Concern expressed over EC consultation on climate change target

Areal view of Romanian logged landscape
Romania’s new landscape. What message does EU wood bioenergy policy send to Bolsonaro about the Amazon rainforest?
(Andrei Ciurcanu, Agent Green)

A collective representation organized by Wild Europe in partnership with Birdlife International, expresses widely held concerns that the current EC consultation on the 2030 climate targets is misleading, and could end up undermining the mitigation of climate change.

It has been signed by 49 organisations across Europe in little over 48 hours.

The EC consultation questionnaire, which aims to collate opinion for developing energy and climate policies, effectively encourages agreement to more ambitious targets for greenhouse gas reduction in 2030 with greater use of renewable energy to achieve these. 

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New legal structure for long-term protection

The transformative effect of a 150 year protection lease? 

A mechanism is being developed to offer private owners the opportunity to protect wild or wilderness areas on their land effectively ‘in perpetuity’.

The initiative has been created by a partnership between Wild Europe and the Lifescape Project conservation charity in tandem with international law firm Clifford Chance LLP.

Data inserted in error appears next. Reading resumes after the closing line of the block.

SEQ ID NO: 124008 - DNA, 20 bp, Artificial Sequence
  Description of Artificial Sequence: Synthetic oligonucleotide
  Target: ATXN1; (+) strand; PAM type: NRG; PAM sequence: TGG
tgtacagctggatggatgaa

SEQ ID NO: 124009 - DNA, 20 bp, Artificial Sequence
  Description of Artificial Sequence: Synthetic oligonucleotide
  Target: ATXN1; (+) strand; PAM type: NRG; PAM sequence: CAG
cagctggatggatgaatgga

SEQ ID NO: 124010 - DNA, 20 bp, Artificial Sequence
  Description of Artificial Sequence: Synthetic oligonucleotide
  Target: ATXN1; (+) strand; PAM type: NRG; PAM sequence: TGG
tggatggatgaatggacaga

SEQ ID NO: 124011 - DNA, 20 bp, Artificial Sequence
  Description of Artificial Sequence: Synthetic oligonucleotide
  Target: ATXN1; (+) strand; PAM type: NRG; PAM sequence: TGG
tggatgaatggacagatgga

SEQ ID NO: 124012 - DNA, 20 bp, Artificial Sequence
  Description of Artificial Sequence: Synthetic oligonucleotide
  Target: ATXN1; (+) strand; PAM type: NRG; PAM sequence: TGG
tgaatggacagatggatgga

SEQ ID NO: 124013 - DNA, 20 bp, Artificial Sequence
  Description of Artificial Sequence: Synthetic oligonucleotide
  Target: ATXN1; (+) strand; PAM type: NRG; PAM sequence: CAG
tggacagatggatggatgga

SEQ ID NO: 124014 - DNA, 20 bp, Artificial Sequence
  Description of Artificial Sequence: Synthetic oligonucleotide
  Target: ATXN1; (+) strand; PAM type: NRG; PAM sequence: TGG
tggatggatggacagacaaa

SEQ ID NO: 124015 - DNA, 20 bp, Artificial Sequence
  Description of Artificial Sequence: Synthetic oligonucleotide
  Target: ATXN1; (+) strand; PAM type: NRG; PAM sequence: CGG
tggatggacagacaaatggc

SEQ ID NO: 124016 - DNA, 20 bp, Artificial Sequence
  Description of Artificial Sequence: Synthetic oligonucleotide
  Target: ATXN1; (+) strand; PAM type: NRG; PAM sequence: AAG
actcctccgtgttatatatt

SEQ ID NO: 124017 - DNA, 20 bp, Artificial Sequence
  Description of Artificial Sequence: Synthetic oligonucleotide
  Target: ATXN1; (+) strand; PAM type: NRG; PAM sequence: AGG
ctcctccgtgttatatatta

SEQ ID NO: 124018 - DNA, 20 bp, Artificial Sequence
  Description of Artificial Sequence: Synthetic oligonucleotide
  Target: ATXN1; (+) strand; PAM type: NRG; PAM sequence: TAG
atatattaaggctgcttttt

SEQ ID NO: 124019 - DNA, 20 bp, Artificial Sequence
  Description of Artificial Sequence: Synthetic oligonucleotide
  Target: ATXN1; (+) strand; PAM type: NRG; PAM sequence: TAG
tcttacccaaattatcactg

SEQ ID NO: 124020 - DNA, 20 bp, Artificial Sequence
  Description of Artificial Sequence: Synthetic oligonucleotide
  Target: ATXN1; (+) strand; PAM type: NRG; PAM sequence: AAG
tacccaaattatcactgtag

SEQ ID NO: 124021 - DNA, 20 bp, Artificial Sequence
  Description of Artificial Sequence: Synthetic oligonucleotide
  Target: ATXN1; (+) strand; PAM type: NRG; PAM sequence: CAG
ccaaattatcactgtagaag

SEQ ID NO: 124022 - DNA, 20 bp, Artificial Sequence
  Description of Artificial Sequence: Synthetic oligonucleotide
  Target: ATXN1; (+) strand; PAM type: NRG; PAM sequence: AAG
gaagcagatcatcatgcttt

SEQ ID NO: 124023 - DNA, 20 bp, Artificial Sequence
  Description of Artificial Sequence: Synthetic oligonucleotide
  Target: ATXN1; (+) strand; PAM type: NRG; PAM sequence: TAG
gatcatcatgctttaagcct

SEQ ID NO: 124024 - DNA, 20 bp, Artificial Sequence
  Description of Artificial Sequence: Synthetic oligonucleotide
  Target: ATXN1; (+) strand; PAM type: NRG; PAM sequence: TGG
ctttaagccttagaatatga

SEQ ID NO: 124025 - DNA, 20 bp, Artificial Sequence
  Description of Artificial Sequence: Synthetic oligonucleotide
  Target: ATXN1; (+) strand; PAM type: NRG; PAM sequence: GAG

Known as “The Legal Mechanism”, this involves legal owners granting a guardian charity the right to enforce ecological protections over the land for 150 years or more, whilst retaining effective ownership of the land for themselves and their descendants, using a leasehold structure. The leases would contain covenants stipulating land use that gives full protection to ecosystems with their wildlife.

Based on well-established procedure in the ‘built’ property sector, the concept is now proven for legislatures in England, Wales and Scotland; a technical brochure has been produced and initial consultations are taking place with landowners. 

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Wild Europe input to Consultation on EU Climate Target

Wild Europe’s feedback on 15th April welcomed the more ambitious target of a 50%+ drop in the EU’s greenhouse gas emissions by 2030. 

However it warned that, if subsidies for wood biomass continue, this target would be at risk – as would the EU’s continuing credibility as a respected proponent of best environmental practice.

Payment of these subsidies is a burden on productive business and personal livelihoods. As economies slowly rebuild post COVID-19, proponents of wood bioenergy subsidy will not be lightly forgiven for supporting the wastage of scarce capital on an expensive myth of renewable energy that actually worsens the climate change it claims to mitigate.

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TEG report calls for sharp curb to wood biomass burning

An independent EU Technical Expert Group (TEG) report just published recommends that only residues, thinnings and stumps should qualify as wood bioenergy fuel, along with separate “advanced bioenergy” feedstocks under the new Sustainable Finance Taxonomy (see technical annex for feedstocks).